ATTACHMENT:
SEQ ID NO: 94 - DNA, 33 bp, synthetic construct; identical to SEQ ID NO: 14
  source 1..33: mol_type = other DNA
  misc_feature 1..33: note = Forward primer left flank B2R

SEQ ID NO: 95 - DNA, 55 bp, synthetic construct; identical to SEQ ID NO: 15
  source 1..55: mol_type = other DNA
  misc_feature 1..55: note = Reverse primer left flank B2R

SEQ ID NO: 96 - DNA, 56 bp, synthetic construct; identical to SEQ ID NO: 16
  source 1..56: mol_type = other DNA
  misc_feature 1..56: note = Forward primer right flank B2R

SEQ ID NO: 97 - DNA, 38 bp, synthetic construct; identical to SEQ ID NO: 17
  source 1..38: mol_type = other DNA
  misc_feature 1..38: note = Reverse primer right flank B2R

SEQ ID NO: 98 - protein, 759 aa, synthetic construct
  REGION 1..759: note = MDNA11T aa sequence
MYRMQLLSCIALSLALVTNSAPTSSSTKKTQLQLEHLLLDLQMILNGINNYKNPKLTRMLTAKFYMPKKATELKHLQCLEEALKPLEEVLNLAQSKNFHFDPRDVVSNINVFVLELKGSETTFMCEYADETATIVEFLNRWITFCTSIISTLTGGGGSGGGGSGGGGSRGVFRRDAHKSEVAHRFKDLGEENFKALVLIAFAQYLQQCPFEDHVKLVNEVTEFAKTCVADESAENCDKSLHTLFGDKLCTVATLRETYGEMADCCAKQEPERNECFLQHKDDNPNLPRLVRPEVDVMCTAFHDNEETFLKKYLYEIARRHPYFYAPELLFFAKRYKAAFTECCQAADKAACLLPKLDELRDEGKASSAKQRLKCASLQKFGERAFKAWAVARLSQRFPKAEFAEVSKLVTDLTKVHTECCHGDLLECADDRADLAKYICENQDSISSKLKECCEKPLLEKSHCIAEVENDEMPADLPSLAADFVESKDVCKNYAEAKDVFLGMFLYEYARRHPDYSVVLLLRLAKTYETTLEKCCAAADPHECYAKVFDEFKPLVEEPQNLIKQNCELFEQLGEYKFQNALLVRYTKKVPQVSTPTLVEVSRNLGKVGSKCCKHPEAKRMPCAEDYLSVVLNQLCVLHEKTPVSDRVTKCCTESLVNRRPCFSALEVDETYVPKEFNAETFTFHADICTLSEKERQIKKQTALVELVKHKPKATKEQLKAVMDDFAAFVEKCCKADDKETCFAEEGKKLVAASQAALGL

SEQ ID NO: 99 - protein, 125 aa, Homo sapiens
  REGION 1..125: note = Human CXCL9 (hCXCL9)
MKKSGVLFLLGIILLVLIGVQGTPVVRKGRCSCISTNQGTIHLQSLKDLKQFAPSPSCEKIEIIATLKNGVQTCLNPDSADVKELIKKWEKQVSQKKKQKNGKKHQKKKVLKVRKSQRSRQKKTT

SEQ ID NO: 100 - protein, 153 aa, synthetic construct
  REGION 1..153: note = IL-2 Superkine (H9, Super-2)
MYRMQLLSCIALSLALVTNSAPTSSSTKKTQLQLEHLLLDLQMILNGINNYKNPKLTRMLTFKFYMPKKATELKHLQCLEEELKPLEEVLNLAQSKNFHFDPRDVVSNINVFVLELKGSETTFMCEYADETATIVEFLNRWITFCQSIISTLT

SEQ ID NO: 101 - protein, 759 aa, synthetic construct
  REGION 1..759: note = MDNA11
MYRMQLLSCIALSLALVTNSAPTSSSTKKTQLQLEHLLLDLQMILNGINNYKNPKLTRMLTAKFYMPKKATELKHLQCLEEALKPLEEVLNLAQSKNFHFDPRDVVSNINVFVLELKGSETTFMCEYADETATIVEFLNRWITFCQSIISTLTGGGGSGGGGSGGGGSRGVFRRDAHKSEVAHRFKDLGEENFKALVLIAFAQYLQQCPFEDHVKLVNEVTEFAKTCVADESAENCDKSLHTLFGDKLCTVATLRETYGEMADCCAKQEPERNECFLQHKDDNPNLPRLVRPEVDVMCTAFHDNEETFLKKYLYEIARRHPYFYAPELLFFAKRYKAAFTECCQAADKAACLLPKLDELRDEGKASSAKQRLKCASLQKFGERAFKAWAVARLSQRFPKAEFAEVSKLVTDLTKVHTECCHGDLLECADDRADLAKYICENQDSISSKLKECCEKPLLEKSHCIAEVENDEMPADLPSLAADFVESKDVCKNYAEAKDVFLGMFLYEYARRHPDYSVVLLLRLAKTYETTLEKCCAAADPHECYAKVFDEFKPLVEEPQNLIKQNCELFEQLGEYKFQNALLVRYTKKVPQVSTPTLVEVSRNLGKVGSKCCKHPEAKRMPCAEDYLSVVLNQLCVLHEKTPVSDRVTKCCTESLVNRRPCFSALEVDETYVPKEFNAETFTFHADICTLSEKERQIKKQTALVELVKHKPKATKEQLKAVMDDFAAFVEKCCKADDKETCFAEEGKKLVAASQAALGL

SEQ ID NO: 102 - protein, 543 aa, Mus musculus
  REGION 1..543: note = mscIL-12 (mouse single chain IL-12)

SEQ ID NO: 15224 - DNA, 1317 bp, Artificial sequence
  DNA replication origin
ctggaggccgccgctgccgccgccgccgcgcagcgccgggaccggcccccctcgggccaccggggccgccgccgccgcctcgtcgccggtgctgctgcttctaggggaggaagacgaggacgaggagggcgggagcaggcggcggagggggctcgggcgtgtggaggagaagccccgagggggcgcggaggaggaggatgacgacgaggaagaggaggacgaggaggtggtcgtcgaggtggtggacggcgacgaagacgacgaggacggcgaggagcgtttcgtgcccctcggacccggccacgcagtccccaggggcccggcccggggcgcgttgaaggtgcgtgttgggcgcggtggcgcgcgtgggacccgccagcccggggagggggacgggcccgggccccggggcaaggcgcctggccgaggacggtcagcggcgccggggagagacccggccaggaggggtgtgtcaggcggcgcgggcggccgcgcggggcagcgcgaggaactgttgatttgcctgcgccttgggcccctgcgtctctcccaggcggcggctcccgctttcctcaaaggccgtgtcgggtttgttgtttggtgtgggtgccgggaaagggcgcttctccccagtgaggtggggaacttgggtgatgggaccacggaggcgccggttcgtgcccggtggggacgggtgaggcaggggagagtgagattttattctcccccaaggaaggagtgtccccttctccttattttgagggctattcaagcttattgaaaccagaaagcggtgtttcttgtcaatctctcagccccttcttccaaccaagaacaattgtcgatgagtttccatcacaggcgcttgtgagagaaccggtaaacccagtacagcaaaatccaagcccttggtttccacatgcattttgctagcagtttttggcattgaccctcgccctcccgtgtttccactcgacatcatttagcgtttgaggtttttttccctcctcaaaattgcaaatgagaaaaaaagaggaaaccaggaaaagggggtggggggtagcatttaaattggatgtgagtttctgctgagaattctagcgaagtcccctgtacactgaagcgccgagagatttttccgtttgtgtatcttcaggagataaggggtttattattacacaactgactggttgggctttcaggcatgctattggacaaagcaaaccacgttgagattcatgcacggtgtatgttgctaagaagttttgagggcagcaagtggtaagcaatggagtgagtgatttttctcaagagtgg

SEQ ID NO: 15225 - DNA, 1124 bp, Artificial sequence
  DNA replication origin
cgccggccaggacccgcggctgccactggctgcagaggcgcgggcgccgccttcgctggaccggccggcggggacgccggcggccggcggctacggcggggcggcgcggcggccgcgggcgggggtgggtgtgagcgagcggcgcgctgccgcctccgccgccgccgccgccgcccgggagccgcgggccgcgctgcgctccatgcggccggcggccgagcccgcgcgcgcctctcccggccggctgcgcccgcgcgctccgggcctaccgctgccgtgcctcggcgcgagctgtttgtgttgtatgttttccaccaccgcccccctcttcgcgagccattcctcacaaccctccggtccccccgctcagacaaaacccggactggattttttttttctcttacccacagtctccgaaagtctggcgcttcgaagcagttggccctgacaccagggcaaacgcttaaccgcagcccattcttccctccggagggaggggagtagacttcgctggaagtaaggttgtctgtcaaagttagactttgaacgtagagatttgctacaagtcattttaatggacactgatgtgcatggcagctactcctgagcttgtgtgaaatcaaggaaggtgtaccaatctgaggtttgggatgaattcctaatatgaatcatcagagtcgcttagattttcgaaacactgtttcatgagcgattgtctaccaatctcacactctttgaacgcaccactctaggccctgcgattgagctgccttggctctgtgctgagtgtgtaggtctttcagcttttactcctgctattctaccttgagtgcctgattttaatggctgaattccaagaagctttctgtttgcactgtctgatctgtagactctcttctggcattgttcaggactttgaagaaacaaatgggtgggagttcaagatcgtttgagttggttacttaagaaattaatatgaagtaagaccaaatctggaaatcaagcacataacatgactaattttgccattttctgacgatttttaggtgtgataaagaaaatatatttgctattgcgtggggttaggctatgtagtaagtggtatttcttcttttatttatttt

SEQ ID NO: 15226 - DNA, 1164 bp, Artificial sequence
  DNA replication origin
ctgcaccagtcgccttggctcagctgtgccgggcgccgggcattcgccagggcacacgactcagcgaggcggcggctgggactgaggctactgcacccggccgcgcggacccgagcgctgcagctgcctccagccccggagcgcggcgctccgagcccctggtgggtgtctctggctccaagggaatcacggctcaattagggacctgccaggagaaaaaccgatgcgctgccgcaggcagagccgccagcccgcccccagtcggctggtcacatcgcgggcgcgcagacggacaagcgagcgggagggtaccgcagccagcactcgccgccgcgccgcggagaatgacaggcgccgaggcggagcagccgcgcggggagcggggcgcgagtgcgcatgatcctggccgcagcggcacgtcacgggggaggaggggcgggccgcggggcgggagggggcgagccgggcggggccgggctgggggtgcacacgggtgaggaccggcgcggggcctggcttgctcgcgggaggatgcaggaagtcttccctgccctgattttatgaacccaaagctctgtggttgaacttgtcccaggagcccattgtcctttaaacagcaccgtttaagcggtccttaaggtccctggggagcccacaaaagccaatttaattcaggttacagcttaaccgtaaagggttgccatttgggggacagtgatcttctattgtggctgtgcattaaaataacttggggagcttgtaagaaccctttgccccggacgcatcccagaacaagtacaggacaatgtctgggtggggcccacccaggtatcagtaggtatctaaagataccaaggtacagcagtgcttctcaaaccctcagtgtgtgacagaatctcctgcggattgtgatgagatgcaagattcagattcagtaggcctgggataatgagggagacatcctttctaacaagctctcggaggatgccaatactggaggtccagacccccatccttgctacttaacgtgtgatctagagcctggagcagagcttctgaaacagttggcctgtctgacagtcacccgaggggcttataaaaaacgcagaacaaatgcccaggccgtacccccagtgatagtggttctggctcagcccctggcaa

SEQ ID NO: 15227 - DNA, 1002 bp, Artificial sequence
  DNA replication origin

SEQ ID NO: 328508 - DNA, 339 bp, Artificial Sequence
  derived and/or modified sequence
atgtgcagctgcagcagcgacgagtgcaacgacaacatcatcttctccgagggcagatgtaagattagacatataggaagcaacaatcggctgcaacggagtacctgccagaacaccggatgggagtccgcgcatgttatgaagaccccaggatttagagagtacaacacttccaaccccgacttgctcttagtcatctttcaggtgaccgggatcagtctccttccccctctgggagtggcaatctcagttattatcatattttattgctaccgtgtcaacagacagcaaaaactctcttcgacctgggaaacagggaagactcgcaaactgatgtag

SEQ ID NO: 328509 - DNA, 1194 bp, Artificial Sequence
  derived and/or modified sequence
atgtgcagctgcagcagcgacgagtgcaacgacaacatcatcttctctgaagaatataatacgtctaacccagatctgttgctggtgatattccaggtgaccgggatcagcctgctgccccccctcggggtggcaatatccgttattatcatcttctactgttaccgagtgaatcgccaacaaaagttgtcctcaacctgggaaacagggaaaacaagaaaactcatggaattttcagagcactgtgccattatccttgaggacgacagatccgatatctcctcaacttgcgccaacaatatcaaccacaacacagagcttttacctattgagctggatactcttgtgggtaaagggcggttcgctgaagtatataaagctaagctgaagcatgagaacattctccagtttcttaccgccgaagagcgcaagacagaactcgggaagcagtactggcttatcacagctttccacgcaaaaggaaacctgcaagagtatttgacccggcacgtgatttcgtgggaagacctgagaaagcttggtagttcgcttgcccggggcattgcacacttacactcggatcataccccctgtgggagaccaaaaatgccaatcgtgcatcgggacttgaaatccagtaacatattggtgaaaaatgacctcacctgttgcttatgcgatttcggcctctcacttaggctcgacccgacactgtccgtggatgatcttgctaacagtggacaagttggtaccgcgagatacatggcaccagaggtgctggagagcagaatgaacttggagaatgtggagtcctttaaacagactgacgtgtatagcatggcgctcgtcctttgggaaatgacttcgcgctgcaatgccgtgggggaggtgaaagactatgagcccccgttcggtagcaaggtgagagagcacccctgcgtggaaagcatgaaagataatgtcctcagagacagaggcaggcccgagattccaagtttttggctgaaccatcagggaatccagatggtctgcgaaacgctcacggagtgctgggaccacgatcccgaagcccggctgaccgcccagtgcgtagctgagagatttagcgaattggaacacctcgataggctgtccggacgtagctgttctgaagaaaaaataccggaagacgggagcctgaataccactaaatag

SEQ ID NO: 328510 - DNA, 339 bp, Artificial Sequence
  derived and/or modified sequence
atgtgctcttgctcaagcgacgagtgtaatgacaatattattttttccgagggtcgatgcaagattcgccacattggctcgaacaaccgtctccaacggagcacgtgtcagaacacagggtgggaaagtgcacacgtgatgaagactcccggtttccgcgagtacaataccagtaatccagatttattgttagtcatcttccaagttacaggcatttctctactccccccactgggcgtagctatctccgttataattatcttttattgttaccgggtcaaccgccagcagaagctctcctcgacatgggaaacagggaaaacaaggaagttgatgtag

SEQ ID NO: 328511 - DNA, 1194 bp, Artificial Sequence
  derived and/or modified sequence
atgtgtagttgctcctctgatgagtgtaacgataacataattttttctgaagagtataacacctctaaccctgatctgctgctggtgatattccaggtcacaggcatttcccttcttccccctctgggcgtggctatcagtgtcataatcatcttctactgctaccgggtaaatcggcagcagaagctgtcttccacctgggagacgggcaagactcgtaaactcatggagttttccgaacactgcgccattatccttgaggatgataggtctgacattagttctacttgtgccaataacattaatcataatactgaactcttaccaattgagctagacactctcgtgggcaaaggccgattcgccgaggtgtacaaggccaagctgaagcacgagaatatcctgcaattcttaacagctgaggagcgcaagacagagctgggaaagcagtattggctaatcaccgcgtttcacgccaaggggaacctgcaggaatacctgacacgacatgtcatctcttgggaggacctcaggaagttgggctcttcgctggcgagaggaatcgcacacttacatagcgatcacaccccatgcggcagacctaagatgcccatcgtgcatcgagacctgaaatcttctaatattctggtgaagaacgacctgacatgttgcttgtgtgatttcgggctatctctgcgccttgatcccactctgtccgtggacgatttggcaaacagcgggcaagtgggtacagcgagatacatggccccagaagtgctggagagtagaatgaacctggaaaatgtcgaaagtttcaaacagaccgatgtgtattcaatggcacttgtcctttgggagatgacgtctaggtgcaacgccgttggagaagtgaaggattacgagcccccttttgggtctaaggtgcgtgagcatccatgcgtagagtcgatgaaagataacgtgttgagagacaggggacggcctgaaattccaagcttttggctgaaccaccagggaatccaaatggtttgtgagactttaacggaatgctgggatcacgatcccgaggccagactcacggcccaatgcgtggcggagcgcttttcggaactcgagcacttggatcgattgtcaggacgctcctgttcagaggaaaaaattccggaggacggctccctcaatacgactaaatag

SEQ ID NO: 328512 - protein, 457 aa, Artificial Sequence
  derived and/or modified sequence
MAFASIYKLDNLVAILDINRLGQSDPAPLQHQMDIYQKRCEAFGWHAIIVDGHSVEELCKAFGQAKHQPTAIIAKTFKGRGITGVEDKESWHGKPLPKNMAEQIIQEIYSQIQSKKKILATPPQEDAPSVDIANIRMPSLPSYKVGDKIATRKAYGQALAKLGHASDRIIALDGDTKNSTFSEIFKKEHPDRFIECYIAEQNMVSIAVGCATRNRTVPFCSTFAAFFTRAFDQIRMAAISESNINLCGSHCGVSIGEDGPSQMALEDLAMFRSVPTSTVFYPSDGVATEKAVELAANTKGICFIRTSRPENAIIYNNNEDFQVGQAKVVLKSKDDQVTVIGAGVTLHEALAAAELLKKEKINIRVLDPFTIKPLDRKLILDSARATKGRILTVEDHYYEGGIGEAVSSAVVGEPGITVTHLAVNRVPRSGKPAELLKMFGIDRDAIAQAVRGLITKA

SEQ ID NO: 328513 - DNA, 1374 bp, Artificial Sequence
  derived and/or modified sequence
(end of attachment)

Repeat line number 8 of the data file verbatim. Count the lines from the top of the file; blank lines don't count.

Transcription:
  source 1..56: mol_type = other DNA